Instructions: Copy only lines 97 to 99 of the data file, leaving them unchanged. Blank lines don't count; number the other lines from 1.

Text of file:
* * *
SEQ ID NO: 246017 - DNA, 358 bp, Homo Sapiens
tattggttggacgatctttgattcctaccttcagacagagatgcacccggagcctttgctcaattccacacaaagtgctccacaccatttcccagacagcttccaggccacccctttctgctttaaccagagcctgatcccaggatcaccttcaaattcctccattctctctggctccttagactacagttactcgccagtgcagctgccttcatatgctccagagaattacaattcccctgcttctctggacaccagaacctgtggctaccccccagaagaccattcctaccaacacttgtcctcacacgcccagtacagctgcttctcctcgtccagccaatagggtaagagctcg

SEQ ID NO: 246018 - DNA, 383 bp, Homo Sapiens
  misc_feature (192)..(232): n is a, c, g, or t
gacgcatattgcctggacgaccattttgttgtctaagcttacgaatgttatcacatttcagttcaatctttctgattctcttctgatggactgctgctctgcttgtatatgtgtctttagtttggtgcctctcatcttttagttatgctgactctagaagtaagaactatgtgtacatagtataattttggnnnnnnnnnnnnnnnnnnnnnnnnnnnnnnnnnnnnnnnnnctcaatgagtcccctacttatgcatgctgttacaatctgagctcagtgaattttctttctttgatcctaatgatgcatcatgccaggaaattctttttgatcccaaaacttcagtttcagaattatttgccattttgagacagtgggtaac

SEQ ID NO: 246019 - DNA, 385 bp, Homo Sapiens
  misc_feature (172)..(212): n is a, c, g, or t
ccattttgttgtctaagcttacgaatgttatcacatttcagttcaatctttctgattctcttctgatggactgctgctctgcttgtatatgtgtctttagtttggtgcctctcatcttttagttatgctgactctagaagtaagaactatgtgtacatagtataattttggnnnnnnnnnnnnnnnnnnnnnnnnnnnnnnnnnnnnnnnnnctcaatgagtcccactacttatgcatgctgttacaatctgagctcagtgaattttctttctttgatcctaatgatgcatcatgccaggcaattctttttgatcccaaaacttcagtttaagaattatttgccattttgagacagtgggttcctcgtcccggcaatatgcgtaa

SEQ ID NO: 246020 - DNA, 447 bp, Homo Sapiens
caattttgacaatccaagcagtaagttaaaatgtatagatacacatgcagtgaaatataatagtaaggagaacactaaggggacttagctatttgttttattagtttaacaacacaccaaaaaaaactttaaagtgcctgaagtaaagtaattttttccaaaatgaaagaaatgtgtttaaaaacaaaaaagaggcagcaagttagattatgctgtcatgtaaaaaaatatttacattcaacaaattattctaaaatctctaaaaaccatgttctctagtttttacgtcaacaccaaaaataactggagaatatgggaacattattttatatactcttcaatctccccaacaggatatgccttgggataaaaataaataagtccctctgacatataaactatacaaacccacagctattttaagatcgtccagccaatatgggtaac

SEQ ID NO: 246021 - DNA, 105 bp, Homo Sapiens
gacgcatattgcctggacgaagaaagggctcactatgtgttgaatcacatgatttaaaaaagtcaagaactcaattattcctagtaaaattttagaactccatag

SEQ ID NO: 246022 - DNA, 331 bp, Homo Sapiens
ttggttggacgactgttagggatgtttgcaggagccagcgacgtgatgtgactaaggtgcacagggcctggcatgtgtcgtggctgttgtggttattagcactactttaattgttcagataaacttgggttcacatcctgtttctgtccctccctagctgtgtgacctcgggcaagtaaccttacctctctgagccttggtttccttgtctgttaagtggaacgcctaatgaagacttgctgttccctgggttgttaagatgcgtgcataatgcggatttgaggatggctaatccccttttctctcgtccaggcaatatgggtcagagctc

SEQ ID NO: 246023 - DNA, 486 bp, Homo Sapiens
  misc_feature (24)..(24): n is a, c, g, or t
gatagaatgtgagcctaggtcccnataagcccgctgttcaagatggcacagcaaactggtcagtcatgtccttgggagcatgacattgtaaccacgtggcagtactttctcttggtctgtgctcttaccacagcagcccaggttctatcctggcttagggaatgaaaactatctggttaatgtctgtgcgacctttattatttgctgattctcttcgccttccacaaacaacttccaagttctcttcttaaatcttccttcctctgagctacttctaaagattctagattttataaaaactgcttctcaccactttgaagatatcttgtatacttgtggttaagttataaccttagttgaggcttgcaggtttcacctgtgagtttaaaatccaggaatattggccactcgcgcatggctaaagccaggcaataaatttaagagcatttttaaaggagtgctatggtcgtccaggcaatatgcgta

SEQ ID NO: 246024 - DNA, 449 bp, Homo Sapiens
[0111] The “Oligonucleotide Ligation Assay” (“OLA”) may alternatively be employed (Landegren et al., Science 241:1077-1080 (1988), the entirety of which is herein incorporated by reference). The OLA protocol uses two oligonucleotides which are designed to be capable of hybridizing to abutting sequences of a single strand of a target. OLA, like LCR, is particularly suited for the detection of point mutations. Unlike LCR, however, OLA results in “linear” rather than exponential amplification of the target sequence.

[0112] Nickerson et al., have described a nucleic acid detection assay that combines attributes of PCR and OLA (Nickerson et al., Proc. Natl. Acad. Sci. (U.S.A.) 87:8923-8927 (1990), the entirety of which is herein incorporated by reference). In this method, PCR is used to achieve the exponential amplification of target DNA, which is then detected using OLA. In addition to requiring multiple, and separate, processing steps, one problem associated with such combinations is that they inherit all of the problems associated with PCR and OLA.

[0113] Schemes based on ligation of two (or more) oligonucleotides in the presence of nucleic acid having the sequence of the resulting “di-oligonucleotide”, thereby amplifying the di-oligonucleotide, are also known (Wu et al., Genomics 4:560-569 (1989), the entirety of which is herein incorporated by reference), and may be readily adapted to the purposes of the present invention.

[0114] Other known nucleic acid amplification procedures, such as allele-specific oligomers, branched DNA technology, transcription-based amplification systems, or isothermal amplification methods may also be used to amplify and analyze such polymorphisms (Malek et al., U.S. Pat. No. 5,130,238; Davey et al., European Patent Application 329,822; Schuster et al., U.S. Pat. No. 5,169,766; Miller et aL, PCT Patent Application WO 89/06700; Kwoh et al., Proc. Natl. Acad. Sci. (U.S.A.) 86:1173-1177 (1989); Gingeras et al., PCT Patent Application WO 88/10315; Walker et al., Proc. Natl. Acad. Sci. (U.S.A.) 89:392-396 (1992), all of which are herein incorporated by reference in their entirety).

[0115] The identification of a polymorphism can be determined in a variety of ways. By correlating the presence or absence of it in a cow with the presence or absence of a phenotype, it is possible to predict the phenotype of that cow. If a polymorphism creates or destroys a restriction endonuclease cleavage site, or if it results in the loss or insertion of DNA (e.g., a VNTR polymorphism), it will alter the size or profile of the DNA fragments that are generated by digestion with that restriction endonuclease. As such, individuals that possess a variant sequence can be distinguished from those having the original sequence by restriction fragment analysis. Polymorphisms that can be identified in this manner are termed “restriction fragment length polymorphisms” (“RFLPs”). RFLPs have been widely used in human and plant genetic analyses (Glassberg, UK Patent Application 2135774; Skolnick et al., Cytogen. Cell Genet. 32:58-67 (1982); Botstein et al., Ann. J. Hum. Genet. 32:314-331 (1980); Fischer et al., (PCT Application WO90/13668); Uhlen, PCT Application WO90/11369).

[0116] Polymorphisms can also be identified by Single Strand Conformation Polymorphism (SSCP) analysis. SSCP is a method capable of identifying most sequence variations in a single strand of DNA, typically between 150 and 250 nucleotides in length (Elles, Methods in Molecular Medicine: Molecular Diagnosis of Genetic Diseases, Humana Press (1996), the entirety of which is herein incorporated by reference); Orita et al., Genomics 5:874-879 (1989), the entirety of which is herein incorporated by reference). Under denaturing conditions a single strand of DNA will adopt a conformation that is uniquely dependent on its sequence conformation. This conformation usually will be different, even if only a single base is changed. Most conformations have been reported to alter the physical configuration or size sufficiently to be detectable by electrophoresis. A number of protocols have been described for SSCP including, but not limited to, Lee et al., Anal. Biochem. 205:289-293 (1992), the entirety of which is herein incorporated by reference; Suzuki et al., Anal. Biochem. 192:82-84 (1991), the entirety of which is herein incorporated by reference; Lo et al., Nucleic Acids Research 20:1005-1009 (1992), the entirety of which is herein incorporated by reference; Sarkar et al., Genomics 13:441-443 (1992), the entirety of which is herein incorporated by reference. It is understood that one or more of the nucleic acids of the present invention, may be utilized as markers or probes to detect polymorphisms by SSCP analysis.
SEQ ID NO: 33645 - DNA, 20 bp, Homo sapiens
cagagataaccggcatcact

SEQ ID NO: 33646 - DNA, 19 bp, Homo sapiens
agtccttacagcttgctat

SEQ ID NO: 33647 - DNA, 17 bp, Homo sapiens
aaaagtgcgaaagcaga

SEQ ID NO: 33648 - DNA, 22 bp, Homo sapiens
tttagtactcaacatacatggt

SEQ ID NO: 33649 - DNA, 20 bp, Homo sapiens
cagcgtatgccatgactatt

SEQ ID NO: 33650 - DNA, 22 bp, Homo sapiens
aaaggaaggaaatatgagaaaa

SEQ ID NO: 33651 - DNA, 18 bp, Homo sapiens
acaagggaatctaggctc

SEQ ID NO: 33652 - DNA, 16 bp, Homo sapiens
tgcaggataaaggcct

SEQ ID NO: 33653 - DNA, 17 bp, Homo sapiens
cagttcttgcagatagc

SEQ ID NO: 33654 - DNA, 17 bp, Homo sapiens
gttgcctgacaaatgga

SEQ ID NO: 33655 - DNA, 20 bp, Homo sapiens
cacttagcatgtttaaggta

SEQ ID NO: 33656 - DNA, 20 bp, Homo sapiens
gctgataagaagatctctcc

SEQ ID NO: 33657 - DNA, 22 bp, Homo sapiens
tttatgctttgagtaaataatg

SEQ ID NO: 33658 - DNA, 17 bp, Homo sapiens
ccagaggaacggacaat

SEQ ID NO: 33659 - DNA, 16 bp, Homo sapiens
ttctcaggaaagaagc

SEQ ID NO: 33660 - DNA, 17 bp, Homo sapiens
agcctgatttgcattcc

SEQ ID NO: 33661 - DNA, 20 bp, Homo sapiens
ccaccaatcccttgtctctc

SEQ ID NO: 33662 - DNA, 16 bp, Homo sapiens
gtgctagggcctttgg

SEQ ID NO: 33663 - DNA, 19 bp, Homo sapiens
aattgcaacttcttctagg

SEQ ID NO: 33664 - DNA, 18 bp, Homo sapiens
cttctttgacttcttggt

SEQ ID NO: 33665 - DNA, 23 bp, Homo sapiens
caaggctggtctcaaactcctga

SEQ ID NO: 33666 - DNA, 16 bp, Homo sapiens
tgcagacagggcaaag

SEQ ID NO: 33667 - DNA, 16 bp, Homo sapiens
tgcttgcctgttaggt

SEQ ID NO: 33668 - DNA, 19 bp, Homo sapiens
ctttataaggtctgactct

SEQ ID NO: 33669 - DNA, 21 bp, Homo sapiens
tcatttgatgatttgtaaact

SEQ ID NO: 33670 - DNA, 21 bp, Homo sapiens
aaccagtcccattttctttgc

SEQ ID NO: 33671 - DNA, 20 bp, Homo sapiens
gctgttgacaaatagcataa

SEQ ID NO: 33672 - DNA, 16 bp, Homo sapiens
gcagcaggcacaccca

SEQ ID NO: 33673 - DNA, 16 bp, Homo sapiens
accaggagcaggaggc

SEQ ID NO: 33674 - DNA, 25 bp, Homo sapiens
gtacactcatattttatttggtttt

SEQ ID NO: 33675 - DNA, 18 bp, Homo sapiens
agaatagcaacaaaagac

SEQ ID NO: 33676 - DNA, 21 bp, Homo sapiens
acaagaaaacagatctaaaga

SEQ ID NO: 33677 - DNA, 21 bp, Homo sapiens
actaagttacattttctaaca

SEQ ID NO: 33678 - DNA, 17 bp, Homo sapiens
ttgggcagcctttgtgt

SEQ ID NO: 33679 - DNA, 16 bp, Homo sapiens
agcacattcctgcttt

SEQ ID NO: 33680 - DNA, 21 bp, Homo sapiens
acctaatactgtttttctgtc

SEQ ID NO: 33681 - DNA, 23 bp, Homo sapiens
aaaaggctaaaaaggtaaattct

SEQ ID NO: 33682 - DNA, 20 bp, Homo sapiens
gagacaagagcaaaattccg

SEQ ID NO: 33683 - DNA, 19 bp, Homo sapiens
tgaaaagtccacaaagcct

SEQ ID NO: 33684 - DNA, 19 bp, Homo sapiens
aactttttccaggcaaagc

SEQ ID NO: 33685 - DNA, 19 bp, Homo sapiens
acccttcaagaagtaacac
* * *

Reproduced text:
SEQ ID NO: 33681 - DNA, 23 bp, Homo sapiens
aaaaggctaaaaaggtaaattct

SEQ ID NO: 33682 - DNA, 20 bp, Homo sapiens